he Diana of Ephesus was a goddess “whom all Asia and the world worship” (Acts 19:27). Diana was the Roman name for the Greek deity Artemis, the “goddess of the moon and the chaste and sister of the sun-god, Apollo” (Colliers Encyclopedia). Artemis was also the “protectress of chastity and patroness of childbirth” and the goddess of seafarers, who brought good weather and profitable voyages (Encyclopaedia Britannica,11th edition). She is often portrayed as a virgin and mother goddess and the “Mistress of Animals.” Her statues depict a multi-breasted figure wearing a turreted crown. Artemis incorporates many features of the great mother goddess who was worshiped under a variety of names in the ancient world (see The Oxford Companion to the Bible).
We also learn that “Artemis is a deity of very ancient origins who survived and attracted great popularity in Asia Minor and Greece into Christian times when… much of her ethos [beliefs & practices] was transferred to the Virgin Mary. Both figures enjoyed major sanctuaries at Ephesus” (Encyclopedia of Gods, Jordan, p. 26).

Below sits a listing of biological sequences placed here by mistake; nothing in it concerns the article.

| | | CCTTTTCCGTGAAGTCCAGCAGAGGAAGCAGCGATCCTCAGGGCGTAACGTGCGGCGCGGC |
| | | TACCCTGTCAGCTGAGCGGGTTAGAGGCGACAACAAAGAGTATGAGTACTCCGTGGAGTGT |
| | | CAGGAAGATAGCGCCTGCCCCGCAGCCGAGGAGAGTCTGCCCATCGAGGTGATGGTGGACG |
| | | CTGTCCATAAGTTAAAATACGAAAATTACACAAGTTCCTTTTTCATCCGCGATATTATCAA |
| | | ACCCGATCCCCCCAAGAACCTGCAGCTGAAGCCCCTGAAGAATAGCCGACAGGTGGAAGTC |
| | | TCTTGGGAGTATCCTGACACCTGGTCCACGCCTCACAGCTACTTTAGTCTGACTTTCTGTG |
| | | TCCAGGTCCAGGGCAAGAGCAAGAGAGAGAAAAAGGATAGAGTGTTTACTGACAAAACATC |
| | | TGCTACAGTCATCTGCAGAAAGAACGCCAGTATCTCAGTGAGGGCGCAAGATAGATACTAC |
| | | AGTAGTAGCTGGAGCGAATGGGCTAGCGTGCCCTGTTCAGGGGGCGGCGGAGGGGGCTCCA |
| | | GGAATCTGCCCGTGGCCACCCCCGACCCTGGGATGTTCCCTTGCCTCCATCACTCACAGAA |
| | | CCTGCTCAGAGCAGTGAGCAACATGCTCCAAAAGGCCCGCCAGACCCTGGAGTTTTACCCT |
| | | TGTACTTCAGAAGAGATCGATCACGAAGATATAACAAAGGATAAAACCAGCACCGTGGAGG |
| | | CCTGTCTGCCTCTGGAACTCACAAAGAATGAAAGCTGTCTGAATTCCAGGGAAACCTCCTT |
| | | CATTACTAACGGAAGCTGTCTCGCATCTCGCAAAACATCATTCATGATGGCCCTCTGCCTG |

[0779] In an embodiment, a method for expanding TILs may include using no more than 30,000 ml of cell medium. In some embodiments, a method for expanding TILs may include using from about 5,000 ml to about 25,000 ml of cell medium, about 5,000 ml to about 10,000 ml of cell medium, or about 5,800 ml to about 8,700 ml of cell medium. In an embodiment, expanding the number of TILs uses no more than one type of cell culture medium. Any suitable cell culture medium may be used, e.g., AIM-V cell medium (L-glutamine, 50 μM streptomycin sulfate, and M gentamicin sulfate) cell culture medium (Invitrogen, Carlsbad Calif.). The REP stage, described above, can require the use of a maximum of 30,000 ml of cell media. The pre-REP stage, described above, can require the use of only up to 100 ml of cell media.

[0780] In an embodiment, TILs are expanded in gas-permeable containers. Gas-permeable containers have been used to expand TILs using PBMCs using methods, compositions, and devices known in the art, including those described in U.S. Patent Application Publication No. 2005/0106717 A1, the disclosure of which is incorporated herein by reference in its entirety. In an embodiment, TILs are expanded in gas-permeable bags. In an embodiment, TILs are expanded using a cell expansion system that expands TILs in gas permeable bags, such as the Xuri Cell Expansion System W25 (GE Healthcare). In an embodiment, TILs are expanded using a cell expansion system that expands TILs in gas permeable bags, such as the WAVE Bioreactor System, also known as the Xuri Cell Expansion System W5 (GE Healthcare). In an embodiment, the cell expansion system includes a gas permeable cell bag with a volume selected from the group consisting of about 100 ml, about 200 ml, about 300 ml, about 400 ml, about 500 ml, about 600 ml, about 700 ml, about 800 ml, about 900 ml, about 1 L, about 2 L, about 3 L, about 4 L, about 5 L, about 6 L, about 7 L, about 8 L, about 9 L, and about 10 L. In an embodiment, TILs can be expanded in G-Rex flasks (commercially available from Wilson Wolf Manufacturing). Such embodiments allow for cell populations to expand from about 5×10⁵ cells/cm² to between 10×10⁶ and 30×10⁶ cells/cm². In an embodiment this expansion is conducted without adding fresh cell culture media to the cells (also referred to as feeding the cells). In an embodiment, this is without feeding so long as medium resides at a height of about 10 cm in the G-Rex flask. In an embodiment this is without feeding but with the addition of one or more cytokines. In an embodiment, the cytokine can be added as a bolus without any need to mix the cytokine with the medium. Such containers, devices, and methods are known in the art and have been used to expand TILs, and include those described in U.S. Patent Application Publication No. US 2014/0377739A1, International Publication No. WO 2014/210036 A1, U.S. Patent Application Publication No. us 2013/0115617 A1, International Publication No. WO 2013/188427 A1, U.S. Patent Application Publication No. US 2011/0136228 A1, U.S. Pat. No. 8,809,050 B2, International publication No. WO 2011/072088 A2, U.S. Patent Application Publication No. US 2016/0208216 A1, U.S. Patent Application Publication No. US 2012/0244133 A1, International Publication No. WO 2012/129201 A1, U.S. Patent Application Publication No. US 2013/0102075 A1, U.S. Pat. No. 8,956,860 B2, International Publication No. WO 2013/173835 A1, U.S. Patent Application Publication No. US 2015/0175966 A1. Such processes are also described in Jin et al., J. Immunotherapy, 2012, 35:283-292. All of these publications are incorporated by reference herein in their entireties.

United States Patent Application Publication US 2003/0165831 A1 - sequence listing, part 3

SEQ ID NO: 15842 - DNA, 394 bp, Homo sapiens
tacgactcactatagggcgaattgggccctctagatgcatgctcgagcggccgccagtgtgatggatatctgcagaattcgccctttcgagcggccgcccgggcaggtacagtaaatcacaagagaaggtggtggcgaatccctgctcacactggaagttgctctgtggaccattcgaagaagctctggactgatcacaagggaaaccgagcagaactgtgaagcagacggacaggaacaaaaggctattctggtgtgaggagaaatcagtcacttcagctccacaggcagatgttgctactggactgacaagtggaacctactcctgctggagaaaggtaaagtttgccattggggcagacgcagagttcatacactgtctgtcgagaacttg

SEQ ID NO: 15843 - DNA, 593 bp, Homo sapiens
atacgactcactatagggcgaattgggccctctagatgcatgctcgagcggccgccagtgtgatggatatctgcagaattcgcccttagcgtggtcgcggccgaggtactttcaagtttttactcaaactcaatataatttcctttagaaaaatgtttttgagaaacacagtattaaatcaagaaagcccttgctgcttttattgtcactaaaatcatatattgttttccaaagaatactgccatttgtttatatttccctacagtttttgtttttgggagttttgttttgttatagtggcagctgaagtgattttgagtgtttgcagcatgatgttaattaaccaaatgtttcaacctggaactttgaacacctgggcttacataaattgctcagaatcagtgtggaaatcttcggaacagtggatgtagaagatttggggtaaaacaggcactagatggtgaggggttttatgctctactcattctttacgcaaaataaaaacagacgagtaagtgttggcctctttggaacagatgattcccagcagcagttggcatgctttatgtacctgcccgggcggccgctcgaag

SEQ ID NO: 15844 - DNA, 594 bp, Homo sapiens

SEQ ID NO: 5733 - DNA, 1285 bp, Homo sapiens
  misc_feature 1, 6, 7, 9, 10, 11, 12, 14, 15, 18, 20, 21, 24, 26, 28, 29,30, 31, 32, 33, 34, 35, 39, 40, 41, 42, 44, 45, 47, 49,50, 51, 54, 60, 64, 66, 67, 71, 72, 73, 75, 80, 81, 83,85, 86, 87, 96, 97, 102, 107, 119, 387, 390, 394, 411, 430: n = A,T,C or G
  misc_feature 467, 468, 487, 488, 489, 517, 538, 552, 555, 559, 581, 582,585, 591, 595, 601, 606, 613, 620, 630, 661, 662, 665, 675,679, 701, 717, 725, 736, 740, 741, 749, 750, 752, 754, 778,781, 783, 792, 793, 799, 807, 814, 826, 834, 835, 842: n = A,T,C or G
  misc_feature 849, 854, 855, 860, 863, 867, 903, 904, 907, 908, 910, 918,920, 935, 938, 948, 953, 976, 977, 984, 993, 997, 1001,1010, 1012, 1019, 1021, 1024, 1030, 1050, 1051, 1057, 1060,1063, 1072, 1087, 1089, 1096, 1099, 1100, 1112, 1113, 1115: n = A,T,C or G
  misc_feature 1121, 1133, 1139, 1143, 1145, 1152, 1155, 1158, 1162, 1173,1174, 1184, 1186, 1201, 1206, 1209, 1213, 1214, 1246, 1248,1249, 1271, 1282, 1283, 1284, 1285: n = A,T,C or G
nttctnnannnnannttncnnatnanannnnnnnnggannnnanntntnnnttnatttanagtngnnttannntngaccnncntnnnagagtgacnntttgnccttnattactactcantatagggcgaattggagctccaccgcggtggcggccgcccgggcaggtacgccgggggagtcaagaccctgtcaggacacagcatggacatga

By building a church for Mary in Ephesus and declaring her “Mother of God” near the great temple of the mother goddess Diana, the Catholic church simply borrowed and adapted ancient traditions that allowed new converts to continue pagan practices in a “Christian” context!  

…Excerpted from “The Lady of Nations,” Tomorrow’s World,  2003 November-December

To read the whole article, including Diana’s connection to modern-day worship of Mary, read “The  Lady of Nations

To learn more about “Diana”, a good resource is the International Standard Bible Encyclopedia, under the article “Diana; Artemis”.

Concours Artistique pour les Jours Saints de cet automne!

Conditions et règlement officiel du concours

Avez-vous jamais rêvé d’illustrer un livre ? Vous aimez créer des bandes dessinées ? Est-ce que l’aquarelle est votre passion ? Avez-vous de l’expérience dans le domaine de la création d’images vectorielles sur tablette, ou est-ce que les bons vieux crayon de bois et papier sont plutôt votre style ?

Nous recherchons des artistes de tous âges dont les œuvres pourraient être mises en vedette dans notre édition spéciale des leçons pour les enfants des Jours saints d’automne.